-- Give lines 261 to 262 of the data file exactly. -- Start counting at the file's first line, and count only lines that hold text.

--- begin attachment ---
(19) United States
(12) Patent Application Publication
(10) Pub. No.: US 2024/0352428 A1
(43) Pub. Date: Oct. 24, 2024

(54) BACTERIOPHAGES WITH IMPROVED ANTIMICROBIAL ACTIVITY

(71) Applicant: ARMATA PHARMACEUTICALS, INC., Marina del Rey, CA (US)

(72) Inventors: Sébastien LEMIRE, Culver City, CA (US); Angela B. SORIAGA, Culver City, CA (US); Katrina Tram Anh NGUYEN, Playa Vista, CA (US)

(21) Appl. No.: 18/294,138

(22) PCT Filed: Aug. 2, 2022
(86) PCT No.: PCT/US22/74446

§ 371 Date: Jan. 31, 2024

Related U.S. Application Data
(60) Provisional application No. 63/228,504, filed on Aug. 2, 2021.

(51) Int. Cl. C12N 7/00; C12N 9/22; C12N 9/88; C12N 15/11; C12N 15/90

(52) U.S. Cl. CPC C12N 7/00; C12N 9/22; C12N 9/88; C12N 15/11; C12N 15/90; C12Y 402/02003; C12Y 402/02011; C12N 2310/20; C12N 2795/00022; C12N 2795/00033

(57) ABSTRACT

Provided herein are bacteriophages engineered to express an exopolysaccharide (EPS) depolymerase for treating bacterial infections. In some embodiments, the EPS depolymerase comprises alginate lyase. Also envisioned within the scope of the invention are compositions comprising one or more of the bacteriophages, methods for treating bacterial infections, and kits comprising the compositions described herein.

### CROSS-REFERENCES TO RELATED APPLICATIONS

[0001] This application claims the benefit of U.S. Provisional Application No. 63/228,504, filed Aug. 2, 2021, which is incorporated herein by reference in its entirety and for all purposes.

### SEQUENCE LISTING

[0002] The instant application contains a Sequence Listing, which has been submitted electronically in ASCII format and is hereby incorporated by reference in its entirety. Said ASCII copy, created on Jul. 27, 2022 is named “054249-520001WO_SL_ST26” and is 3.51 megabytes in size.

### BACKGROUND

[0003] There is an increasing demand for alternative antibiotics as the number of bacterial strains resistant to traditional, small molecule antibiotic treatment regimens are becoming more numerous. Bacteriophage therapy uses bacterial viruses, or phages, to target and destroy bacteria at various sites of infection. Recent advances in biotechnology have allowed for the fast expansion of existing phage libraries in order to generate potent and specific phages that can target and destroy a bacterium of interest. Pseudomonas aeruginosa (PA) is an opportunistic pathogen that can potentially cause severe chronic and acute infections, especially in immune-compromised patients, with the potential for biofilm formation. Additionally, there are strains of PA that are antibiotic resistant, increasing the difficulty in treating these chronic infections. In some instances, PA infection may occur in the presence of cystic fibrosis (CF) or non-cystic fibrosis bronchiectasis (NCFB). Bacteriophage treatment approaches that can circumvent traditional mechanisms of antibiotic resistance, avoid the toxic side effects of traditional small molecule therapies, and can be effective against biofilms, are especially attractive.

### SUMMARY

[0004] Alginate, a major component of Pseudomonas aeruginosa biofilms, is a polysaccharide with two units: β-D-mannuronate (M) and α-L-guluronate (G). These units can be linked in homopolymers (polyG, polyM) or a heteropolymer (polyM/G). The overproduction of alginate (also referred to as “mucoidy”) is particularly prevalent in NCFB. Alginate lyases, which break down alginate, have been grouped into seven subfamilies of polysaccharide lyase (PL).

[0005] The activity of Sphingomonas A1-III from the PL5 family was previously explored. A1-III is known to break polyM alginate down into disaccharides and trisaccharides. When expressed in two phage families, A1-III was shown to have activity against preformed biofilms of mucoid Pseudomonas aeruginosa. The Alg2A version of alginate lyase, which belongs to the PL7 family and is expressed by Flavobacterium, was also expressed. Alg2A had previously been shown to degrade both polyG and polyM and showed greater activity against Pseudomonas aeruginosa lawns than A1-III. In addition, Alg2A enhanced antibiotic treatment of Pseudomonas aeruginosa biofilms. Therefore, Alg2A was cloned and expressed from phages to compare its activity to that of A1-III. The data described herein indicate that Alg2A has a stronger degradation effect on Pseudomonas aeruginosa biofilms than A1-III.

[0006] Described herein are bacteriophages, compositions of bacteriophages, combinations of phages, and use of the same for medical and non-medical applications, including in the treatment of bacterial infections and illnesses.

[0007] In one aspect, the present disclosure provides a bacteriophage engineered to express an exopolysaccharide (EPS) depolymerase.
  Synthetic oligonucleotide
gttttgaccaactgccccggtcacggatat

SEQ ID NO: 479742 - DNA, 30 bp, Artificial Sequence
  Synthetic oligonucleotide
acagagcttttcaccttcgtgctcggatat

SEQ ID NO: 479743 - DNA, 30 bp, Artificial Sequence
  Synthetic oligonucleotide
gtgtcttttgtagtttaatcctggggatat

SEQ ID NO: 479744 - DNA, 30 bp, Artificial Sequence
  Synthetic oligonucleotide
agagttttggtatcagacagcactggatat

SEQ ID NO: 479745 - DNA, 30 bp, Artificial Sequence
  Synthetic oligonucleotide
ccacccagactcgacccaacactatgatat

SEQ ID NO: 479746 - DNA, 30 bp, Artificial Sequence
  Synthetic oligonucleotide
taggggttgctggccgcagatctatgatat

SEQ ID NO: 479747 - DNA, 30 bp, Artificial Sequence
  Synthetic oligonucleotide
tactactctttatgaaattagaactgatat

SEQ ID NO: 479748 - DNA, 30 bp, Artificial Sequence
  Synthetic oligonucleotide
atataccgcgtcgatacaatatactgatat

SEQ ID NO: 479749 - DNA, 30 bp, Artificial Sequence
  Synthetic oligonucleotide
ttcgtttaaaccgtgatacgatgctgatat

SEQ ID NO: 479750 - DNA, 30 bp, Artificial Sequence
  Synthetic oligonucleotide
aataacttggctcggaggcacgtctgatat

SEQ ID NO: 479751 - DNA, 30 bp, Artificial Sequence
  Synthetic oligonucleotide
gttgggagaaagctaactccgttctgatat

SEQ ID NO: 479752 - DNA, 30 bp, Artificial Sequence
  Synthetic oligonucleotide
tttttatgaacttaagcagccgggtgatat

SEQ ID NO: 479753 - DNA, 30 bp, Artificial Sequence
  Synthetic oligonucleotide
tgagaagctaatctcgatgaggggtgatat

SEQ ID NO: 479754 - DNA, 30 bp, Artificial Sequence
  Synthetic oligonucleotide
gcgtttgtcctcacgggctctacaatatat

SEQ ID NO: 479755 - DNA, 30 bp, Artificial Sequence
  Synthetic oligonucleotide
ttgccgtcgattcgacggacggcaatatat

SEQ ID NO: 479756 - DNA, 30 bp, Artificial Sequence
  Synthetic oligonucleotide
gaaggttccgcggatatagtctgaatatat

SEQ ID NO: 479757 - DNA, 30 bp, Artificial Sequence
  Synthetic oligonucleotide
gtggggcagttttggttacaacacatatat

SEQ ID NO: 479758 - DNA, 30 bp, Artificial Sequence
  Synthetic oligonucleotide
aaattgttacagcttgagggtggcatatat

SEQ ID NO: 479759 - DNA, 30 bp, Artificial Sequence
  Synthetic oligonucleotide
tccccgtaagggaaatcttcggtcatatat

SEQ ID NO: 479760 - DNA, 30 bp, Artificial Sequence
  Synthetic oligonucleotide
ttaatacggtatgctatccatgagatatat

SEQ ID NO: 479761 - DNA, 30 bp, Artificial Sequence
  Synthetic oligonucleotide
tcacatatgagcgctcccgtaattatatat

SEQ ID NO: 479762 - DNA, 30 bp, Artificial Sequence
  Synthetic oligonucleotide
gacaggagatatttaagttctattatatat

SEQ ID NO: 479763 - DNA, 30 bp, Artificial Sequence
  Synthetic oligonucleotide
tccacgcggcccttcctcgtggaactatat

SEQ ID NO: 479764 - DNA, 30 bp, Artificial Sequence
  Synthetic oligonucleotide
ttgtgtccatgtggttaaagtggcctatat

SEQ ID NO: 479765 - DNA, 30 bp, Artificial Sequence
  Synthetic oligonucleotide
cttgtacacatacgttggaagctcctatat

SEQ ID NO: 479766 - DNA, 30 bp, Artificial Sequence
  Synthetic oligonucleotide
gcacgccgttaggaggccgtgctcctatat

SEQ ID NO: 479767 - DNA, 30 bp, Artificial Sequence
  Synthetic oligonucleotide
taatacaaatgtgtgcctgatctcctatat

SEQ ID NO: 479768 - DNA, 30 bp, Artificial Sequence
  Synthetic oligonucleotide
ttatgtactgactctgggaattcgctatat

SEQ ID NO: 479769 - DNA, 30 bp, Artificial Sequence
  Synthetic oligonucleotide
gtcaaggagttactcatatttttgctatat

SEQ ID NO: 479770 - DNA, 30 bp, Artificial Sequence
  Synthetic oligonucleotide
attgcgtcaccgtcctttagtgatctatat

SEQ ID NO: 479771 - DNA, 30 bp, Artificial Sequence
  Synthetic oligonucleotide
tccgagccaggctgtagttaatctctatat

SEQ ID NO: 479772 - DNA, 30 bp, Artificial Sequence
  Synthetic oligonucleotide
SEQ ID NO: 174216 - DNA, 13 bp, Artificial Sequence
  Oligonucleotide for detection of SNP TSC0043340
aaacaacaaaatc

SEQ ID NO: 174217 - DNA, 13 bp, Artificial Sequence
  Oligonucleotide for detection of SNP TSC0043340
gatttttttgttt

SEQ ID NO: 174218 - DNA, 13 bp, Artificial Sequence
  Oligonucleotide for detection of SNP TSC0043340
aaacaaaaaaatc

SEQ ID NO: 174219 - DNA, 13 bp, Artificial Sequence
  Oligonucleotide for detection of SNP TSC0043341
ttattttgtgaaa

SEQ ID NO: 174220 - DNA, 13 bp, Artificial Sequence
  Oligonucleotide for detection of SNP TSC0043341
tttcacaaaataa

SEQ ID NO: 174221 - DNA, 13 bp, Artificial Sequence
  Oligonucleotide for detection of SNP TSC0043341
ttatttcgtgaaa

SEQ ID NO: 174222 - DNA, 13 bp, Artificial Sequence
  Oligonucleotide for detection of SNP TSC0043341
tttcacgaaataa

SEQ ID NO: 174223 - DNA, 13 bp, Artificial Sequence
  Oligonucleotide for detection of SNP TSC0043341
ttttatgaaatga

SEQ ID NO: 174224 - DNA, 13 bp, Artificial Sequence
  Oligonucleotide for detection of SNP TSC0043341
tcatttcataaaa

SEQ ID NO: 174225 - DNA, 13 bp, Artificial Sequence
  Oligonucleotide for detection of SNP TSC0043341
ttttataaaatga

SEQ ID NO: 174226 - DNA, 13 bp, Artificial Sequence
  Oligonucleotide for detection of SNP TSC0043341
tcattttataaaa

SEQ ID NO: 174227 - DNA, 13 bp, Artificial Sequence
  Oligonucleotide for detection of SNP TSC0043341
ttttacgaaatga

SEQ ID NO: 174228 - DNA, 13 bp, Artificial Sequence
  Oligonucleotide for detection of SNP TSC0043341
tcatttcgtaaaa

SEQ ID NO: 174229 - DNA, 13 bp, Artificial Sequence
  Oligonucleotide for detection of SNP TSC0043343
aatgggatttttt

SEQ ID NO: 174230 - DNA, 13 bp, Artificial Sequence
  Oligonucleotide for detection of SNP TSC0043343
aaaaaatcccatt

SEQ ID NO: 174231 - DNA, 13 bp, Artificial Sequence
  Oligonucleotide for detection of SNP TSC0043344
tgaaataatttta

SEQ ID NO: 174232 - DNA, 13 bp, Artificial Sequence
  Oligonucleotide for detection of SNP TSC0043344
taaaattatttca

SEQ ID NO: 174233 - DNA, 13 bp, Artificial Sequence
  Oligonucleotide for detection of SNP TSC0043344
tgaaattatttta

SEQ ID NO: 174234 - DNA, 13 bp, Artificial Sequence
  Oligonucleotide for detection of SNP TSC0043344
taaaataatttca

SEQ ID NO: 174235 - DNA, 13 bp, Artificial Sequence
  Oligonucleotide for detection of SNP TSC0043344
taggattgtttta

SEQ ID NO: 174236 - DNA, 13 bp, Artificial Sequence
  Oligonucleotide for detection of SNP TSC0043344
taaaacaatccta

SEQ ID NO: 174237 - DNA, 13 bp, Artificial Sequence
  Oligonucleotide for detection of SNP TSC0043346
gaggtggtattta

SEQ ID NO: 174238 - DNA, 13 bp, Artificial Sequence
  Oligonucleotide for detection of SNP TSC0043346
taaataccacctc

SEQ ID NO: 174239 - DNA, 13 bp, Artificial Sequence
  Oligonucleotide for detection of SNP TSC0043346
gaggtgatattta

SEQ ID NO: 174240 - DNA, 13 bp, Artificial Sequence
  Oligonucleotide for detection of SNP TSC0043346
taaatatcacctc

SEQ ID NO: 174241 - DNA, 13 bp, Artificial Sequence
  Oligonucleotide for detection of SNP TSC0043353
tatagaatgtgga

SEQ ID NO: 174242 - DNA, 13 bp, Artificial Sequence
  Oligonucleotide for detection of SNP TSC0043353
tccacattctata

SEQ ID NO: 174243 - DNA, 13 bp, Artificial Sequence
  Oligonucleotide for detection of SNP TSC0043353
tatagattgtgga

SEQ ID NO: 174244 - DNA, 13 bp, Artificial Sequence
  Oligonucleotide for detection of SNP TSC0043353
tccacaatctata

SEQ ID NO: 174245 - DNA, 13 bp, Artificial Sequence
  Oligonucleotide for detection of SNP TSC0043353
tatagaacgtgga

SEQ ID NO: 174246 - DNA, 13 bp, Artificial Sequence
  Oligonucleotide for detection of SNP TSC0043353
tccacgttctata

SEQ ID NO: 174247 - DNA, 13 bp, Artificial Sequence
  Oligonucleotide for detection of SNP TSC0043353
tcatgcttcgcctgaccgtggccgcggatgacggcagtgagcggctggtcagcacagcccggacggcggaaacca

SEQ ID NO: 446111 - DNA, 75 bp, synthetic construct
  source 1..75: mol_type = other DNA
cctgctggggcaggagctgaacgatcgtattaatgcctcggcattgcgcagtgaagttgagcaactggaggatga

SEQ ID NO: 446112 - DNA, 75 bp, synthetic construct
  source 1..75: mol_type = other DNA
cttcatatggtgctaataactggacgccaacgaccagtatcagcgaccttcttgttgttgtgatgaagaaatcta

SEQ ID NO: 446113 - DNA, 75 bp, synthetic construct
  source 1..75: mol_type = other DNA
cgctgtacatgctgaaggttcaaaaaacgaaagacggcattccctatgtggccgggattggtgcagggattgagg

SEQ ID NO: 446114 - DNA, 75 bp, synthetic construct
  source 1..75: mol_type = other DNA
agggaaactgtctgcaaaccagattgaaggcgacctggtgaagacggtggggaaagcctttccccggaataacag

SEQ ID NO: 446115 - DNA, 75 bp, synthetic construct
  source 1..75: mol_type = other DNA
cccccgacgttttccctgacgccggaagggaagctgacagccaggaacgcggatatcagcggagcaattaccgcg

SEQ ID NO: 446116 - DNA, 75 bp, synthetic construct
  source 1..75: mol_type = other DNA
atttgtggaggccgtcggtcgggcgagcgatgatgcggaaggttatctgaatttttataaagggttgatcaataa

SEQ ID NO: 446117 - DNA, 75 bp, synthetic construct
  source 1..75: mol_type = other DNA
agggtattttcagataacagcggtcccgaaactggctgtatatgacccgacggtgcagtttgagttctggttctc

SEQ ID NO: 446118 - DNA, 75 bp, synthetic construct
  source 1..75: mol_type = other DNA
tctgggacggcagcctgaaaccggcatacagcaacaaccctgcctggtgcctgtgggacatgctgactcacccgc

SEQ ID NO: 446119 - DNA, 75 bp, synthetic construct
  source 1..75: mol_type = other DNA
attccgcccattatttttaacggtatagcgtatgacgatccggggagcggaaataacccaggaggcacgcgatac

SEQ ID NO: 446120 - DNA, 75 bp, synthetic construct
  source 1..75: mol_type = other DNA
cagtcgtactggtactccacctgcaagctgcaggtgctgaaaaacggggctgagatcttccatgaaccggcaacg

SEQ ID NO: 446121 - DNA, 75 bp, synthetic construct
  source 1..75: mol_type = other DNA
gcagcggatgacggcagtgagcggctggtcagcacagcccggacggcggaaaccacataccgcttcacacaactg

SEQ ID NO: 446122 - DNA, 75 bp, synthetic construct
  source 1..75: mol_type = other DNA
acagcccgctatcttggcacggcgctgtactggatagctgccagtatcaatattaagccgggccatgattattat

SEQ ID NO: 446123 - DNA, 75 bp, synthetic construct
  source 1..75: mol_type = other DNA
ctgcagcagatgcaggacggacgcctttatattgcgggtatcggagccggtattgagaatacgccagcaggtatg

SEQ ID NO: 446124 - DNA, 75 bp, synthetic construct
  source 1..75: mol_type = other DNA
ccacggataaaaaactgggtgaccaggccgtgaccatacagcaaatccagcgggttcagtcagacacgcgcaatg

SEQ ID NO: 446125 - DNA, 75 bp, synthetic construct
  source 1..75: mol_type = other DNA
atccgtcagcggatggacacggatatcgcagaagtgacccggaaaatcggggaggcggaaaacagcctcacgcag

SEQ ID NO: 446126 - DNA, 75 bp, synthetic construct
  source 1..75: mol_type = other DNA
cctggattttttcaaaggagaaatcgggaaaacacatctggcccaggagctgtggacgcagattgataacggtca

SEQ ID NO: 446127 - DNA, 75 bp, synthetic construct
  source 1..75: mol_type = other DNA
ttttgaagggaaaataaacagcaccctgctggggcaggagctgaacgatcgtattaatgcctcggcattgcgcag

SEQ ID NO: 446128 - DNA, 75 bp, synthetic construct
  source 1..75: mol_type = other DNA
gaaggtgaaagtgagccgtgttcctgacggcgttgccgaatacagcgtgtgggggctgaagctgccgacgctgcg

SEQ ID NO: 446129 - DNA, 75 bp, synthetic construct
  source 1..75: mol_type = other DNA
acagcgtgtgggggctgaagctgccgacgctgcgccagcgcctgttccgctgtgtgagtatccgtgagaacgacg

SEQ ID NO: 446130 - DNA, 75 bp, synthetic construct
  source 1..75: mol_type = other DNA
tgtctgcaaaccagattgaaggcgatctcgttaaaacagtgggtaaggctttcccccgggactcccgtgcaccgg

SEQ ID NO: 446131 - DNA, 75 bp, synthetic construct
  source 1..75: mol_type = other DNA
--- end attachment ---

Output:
SEQ ID NO: 446125 - DNA, 75 bp, synthetic construct
  source 1..75: mol_type = other DNA